Two meat industry associations, with the blessing of the USDA, are working on new names for cuts of beef and pork—and they go further than “the other white meat.” Could your organization take some tips here?
The meat on your grill is getting a rebrand.
As part of a new marketing campaign, the pork and beef industries will rename more than 350 meat cuts to help better sell their best products to the public. And the associations that represent these industries are playing a key role in the transition, the first such effort since the 1970s. More details below:
One of our biggest challenges has been the general belief among consumers that a pork chop is a pork chop. But not all pork chops are equal, and not all pork chops are priced equally.
Why the changes? The name changes are happening at a time when the industry is being knocked by multiple market trends, including high grain prices and a sales slump both in the United States and abroad. In the midst of all this, the National Pork Board and the Beef Checkoff Program worked with the USDA to create new marketing approaches for the meat, including labels showing what part of the animal the cuts came from. The groups will update the Uniform Retail Meat Identification Standards [PDF], a voluntary naming standard used by many retailers. The USDA is behind the move. “There won’t be any changes to our naming conventions, but we’re supportive of this,” the agency’s Sam Jones-Ellard told Reuters. “Anything that simplifies the names of cuts of meat is a good thing for consumers.”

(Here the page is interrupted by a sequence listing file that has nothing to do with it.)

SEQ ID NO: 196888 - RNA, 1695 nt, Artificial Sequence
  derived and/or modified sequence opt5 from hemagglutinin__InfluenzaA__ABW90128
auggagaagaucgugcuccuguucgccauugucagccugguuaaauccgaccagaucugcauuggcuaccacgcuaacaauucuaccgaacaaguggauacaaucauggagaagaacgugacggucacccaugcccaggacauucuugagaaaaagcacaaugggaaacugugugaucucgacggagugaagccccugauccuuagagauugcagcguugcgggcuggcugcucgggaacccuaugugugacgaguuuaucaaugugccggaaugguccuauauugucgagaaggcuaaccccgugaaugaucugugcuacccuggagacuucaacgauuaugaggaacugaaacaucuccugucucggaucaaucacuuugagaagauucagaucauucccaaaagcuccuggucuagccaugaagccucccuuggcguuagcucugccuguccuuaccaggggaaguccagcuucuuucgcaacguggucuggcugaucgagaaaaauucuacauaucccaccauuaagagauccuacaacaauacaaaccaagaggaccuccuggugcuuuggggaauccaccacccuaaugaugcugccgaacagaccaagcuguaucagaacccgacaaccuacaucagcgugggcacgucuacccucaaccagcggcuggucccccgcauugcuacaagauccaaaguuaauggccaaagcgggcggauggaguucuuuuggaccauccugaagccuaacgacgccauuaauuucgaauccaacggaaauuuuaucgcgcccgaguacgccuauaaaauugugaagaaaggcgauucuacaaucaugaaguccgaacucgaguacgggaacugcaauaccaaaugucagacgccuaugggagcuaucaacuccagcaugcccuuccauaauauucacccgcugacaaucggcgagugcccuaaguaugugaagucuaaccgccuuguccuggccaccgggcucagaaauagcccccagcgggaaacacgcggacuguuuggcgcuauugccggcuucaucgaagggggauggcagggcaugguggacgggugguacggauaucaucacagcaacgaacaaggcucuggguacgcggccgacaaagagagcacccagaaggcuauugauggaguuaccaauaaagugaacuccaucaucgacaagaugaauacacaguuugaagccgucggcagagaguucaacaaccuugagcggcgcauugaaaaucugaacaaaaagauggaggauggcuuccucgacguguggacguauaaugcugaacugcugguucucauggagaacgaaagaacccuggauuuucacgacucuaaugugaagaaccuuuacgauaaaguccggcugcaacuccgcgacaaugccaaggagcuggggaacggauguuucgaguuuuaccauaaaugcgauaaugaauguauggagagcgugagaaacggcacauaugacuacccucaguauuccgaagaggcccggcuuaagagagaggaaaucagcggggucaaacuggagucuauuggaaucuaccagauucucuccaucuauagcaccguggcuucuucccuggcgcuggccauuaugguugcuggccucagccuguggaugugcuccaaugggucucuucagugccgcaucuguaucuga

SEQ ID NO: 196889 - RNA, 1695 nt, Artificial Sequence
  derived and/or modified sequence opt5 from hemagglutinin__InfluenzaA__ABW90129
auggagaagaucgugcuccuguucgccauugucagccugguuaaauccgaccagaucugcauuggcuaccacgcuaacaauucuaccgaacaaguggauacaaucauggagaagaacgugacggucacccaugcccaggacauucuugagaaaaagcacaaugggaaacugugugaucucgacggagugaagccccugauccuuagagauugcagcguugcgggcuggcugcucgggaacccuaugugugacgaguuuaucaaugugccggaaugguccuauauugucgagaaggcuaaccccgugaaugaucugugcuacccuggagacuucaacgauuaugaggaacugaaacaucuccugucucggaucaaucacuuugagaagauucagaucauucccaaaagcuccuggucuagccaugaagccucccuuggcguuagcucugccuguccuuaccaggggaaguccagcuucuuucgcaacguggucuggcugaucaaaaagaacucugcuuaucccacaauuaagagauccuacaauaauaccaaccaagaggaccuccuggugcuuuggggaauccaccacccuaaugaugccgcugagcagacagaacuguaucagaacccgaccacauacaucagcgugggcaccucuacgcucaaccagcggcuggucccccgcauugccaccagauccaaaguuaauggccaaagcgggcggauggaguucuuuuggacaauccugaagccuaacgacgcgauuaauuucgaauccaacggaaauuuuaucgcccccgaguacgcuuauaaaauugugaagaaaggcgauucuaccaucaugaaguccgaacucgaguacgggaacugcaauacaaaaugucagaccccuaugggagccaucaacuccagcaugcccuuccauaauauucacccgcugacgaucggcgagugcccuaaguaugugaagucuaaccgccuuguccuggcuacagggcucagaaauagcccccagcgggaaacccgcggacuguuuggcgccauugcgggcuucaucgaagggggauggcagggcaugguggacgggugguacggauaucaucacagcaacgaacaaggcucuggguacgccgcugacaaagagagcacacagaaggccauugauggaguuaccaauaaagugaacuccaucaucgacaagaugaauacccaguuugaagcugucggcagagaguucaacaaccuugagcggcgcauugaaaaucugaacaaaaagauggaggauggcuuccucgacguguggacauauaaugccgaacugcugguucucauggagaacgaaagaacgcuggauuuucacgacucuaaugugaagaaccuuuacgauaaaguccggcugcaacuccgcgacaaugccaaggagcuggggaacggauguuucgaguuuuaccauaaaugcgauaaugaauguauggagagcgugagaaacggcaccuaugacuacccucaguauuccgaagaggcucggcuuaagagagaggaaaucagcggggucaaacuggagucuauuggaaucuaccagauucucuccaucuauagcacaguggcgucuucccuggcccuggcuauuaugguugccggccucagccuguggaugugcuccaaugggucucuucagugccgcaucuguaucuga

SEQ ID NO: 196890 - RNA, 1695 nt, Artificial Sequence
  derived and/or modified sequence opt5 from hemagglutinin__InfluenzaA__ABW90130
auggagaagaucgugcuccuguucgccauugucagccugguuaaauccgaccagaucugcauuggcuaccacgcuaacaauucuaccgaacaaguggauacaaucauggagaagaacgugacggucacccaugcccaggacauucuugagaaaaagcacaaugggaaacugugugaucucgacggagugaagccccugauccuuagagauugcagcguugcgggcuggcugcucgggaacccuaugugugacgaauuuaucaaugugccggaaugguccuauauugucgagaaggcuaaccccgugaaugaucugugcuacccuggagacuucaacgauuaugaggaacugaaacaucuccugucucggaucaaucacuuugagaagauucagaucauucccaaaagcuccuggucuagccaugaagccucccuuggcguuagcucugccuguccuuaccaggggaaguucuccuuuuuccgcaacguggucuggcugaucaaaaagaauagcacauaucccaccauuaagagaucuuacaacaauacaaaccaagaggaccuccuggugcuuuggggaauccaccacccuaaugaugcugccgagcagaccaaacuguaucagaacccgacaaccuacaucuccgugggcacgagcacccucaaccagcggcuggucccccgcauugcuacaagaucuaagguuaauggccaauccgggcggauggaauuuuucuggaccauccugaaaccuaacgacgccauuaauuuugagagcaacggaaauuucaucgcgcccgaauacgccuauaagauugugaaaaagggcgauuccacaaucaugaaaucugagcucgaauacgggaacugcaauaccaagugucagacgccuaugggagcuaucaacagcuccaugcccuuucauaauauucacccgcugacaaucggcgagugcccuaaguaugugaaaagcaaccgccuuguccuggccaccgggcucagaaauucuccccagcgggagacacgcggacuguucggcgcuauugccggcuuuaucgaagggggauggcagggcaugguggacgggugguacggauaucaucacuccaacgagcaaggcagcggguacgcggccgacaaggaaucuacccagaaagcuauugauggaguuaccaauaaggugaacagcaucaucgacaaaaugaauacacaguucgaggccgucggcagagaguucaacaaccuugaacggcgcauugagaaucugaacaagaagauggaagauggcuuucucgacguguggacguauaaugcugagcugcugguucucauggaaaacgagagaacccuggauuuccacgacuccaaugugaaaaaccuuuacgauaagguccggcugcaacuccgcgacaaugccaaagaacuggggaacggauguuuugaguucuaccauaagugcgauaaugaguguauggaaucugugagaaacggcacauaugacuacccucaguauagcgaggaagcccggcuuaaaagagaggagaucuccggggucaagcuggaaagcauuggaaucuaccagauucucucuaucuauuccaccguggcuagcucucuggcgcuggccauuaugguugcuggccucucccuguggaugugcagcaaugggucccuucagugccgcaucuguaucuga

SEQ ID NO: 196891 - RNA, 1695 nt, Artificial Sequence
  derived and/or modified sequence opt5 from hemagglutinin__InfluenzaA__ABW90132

Pork chops no more: Expect names that offer more detail about the type of meat you’re buying. The name “pork chop,” for example, improperly describes a number of different cuts, according to the National Pork Board’s Patrick Fleming. “One of our biggest challenges has been the general belief among consumers that a pork chop is a pork chop,” Fleming told the wire service. “But not all pork chops are equal, and not all pork chops are priced equally.” Now consumers will be able to choose from “porterhouse chops,” “rib-eye chops,” and “New York chops.” The names reflect cultural changes in how the meat is cooked.
In the beef aisle: The beef industry is also trying to clear up the mystery around its meat, aiming for simplification so consumers don’t get intimidated by such names as “boneless shoulder top blade steak” (that’ll be “flatiron steak” once all is said and done). The older names were more anatomical, which was nice for specificity but not so nice for marketing. But don’t expect ground beef to get any more specific: a burger’s still a burger.
When you’ll see them: Expect to see the rebranded cuts—such as Boston Roast, which replaces the unfortunately named “pork butt”—on shelves by the summer.
One beast that won’t get any changes? The chicken. The National Chicken Council declined to change the current names.
What sort of marketing changes has your association encouraged for its industry? Tell us about them in the comments.